Change is happening, and it's happening fast, which is why in today's world is important for individuals to continue learning beyond the first 20 or 30 years of their life. As educators, we need to prepare our students for jobs that don't exist yet.

And what sustains globalization and the knowledge society? Well, technology does. Technology has and continues to change how adults learn, both informally and formally. I learned how to remove that garbage disposal from watching a YouTube video, but I have also learned about standards based instruction from an online course. The ability to access information at our fingertips, 24 hours a day, seven days a week, has been a game changer.

Our society is connected to devices and plugged in. In 2012, the US Census Bureau stated that 80% of households access the internet either at home or via a mobile device, and that number is steadily rising. As a result of this increase comes a greater demand for e-learning, which we will discuss shortly. In the near future, the aging population of the world will outnumber that of children for the first time in history. This is yet another reason to take a closer look at adult learning theories now.

Teaching is changing. Terms like blended learning, online classrooms, flipping lessons did not exist five years ago. These changes have occurred because of the way society learns in the digital age. Today's adults have the ability to connect with others and the world around them with things like Twitter, Facebook, Instagram, texting, and email, for example.

The following statement may make some teachers uncomfortable. We can no longer assume that we know more about some topics than our students do I find this incredibly exciting. Our students have so much to offer in the way of knowledge that will benefit us, the teachers, as well as their peers. Our practices need to capitalize on this notion. They no longer need to just look at us for information and knowledge. The constant access empowers them to learn as we facilitate that learning.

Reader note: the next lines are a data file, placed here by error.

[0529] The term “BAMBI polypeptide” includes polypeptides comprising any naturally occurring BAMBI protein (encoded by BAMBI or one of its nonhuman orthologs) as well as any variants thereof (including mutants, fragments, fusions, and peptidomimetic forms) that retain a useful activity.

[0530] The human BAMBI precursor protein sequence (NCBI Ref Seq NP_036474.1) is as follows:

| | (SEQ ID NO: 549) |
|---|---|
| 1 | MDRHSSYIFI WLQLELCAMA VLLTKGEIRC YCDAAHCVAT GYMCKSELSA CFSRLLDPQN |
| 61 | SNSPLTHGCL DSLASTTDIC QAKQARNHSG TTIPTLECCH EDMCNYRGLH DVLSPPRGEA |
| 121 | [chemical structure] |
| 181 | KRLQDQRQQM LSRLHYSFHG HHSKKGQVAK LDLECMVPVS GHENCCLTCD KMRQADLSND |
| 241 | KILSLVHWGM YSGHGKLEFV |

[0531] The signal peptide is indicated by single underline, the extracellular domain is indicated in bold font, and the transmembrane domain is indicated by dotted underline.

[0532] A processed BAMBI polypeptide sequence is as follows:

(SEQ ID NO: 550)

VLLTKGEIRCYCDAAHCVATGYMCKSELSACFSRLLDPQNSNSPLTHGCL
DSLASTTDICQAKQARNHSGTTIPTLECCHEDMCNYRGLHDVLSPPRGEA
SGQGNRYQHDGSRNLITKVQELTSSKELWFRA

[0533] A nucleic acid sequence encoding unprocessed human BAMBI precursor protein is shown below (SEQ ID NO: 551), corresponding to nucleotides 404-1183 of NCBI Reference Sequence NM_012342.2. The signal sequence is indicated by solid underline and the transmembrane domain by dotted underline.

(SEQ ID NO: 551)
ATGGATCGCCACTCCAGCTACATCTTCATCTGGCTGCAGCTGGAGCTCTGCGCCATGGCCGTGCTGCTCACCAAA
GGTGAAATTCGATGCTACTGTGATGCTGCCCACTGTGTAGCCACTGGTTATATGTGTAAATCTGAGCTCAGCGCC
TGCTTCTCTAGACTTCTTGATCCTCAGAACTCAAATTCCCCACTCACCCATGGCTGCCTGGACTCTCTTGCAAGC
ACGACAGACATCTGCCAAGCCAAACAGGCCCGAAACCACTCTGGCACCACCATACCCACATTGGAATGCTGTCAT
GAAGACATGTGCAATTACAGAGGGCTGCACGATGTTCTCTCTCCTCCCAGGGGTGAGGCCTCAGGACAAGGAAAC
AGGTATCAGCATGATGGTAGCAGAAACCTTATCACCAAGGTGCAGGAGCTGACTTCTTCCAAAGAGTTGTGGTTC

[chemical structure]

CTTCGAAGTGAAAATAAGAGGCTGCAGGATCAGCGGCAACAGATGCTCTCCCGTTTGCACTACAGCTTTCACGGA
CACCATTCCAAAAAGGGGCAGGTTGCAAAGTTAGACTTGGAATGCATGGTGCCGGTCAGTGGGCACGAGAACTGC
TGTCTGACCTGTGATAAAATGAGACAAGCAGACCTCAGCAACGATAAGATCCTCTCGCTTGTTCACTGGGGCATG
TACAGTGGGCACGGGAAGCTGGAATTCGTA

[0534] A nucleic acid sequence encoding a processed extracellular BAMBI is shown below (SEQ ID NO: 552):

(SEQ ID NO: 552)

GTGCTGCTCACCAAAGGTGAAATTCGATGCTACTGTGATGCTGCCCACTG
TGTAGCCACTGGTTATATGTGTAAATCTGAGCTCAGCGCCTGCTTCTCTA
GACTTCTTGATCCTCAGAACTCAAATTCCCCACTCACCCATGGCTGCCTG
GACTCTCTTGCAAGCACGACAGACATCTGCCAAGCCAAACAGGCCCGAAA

Now that digital access has become so accessible, there is much higher demand for e-learning in higher education. Not all e-learning is the same, however. There are many variations. There are full online courses, or hybrid and blended courses. Here are some models.

Face to face driver. In this model, the teacher still leads the learning and defines the curriculum, however, integrates technology use in the classroom.

Rotation. Here, students are provided with a schedule that requires them to move between an online course and their traditional course.

Flex. In this model, the online course provides students with the majority of their instruction. But the students also have to access a teacher at the traditional brick and mortar school for tutoring and support.

Online Lab. Students take classes in an online course, but they do so in a traditional school setting. You sometimes see this happen in high schools that are short staffed.

Self-Blend. In this model, students supplement traditional school courses with online courses that they choose.

And finally, Online Driver. Here, students work from home with an online course and typically have in person check ins with someone from the traditional school.